SVSU’s jazz ensemble performed various pieces from “The Kansas City Suite” and Thad Jones on Thursday, Dec. 6, at 7:30 p.m., in a nearly full Rhea Miller Recital Hall.
The ensemble rehearsed every Tuesday and Thursday from 4 p.m. to 6 p.m. during the semester for the performance.
The ensemble, including music education senior Holly Finch, worked with Seth Ebersole, the jazz ensemble director and artist-in-residence, to prepare.
“(The rehearsals had) ran smoothly and were actually a lot of fun,” Finch said. “Seth is a great teacher and is able to relate to us as a group. We’re able to have a few moments to not necessarily goof off, but to kind of relax, and he reminds us to just have fun.”
Finch is the ensemble’s lead alto saxophone, an instrument she has been playing for 14 years. She also plays flute in the jazz ensemble and thus is the ensemble’s only “doubler.”
She played several alto solos and features during the performance, most notably in “Isfahan” after intermission.
“I (played) the feature, which is cool, but I’m not one to generally stand in the spotlight,” she said. “I (practiced) it a lot outside of rehearsal with the recording, but it’s nothing like playing with the actual band.”
She enjoyed playing that selection, but it was not her favorite of the night.
“I should say that my favorite is ‘Isfahan,’ which is the piece that features me, but I think the tune I get most excited about playing is ‘Blue Five Jive,’” she said.
The ensemble began the performance with Sammy Nestico’s “Orange Sherbet.” Although the ensemble took some time to settle on a tempo and negotiate the balance between each section, cues from Ebersole helped them quickly find their rhythm.
By the next selection, Benny Carter’s “Vine Street Rumble,” which proved to be an audience favorite, the ensemble was working rather cohesively, and their months of practicing were definitely showing. Several soloists, including Finch on lead alto and Matthew Ingersoll on lead trumpet, came in strong, yet they did not overplay or sacri ce tonality in the process.
Throughout the rest of the evening, the ensemble played a range of selections at different tempos and dynamics, and no section or soloist overpowered another. While background cues could have been more piano while soloists were playing, especially those soloists from the rhythm and bass sections, no soloist was buried. Each section played enthusiastically, yet it was generally not at the cost of the overall ensemble’s sound or a loss of technique.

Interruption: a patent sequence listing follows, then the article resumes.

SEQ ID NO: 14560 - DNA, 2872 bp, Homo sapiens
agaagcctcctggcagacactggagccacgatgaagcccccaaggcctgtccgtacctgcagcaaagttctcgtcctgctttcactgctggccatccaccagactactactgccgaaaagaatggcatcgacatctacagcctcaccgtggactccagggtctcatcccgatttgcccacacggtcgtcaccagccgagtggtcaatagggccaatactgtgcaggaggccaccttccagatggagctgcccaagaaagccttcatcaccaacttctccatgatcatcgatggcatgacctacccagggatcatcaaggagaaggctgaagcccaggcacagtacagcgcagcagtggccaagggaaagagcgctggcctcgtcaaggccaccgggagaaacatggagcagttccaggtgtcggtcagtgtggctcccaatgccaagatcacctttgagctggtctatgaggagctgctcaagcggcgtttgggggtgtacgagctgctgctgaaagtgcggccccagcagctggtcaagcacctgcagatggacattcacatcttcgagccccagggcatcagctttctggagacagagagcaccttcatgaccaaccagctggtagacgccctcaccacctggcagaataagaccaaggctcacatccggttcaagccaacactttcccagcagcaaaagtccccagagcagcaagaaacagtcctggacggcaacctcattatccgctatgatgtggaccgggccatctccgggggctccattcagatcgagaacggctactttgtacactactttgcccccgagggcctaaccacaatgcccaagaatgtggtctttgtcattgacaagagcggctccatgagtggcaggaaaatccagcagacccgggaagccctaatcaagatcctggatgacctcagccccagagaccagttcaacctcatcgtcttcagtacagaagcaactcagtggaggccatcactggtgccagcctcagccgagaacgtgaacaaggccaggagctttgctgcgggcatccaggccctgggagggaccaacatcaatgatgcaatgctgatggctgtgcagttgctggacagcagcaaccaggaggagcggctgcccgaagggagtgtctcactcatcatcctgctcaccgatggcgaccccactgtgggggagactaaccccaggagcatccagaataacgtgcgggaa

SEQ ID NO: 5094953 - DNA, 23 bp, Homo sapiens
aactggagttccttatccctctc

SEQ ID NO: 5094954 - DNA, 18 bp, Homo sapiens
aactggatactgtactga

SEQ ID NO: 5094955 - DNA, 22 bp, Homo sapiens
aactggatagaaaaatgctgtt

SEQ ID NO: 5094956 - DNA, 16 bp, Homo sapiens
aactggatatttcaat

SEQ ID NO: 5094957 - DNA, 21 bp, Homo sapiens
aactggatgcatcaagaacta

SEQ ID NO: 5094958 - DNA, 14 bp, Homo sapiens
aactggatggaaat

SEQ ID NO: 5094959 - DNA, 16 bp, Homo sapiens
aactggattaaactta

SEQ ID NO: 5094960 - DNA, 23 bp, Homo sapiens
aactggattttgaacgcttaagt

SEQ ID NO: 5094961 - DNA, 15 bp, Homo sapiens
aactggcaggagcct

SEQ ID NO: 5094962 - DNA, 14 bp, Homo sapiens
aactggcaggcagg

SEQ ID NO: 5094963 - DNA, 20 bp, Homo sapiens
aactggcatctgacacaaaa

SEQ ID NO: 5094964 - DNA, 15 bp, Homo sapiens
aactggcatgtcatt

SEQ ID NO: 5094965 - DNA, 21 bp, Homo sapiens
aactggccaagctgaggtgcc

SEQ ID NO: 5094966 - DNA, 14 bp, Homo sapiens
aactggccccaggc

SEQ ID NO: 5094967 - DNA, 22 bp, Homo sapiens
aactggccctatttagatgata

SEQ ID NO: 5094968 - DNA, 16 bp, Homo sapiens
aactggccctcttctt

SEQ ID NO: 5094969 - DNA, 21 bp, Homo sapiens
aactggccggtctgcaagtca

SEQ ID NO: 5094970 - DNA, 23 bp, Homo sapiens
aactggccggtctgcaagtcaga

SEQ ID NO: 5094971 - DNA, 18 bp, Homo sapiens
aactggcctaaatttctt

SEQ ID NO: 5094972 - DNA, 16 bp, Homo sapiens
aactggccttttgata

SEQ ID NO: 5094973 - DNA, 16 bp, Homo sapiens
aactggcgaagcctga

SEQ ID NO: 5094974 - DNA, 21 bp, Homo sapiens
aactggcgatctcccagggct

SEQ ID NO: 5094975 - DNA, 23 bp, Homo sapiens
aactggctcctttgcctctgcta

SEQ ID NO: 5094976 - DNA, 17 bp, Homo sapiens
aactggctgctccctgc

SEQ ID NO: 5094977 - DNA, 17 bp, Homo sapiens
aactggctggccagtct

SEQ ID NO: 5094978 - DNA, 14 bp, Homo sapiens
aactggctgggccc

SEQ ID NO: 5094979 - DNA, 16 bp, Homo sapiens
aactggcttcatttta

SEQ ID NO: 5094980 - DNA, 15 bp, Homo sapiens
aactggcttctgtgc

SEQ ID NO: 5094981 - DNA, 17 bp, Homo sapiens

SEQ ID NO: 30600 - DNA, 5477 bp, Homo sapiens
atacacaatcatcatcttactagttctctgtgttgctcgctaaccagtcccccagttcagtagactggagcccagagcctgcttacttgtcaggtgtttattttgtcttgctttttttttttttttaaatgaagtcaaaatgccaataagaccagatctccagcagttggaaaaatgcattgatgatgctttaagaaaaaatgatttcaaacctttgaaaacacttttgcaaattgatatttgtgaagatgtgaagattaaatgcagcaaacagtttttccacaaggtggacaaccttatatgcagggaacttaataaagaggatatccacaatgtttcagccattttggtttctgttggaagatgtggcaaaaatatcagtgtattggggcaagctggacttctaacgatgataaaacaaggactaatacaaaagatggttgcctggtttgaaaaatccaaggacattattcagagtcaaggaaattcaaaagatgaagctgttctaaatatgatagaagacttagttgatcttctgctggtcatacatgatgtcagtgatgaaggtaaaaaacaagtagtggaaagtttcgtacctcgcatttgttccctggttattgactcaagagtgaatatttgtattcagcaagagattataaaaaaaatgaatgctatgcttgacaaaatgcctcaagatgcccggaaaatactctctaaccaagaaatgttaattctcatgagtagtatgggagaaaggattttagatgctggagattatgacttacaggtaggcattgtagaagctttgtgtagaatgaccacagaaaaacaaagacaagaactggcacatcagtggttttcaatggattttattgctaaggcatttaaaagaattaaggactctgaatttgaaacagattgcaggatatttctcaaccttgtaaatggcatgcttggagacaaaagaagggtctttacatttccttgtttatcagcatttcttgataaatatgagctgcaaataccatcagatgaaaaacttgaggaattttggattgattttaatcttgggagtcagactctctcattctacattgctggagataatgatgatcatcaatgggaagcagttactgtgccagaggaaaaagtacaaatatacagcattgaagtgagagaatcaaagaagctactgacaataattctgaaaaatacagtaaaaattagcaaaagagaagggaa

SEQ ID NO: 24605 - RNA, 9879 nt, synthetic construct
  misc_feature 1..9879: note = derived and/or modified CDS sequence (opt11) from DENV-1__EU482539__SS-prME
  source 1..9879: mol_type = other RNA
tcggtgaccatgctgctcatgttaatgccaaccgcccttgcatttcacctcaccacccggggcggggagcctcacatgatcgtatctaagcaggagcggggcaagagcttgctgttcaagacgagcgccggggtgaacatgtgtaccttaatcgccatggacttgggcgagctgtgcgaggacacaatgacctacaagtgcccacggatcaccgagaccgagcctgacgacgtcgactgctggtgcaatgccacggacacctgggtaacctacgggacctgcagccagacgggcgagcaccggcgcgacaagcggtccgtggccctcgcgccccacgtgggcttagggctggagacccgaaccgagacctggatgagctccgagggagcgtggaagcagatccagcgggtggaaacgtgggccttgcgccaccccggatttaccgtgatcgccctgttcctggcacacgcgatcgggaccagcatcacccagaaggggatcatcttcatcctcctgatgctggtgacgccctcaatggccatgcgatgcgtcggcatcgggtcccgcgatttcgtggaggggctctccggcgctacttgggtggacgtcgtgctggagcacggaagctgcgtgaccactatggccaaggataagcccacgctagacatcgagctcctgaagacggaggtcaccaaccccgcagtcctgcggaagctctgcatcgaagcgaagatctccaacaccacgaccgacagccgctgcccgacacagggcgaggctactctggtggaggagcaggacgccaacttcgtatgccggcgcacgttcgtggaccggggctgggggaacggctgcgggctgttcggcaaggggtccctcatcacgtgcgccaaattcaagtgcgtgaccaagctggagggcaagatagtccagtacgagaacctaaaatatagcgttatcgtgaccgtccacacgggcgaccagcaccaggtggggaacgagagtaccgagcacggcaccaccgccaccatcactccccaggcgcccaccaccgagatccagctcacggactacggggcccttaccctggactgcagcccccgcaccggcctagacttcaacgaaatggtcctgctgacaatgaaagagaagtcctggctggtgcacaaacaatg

During each piece, the leads and soloists played confidently and skillfully, as did every member of the ensemble. Crescendos and decrescendos were clear and built up or down effectively.
The ensemble established pianos, mezzo pianos, fortes and the like early on and remained consistent with those levels.
The ensemble started and ended together, which is much easier said on sheet music than performed (and the incredibly well-timed, classic trumpet fall at the end of “Meetin’ Time” was a great way to wrap up that piece cleanly, too). Overall, the ensemble kept the focus away from being about individual musicians and instead created a cohesive ensemble sound.
Kyle Chandler, a general business freshman, came to the event to hear friends in the ensemble. The performance surprised him.
“I haven’t been to a jazz ensemble before, actually,” he said. “It (was) very good. I really enjoyed ‘The Vine Street Rumble.’ I liked the tone of it in general. All the soloists (were) great in all the pieces, too.”
Brandon Stockwell, a biology sophomore, also enjoyed “The Vine Street Rumble.” Unlike Chandler, though, Stockwell had went to the jazz ensemble performance last year and was pleased with how different they sounded than last year.
“They have exceeded my expectations,” he said. “I came last year, and I felt like it was nice – I enjoyed it – but they sounded better this year. I am glad I came out.”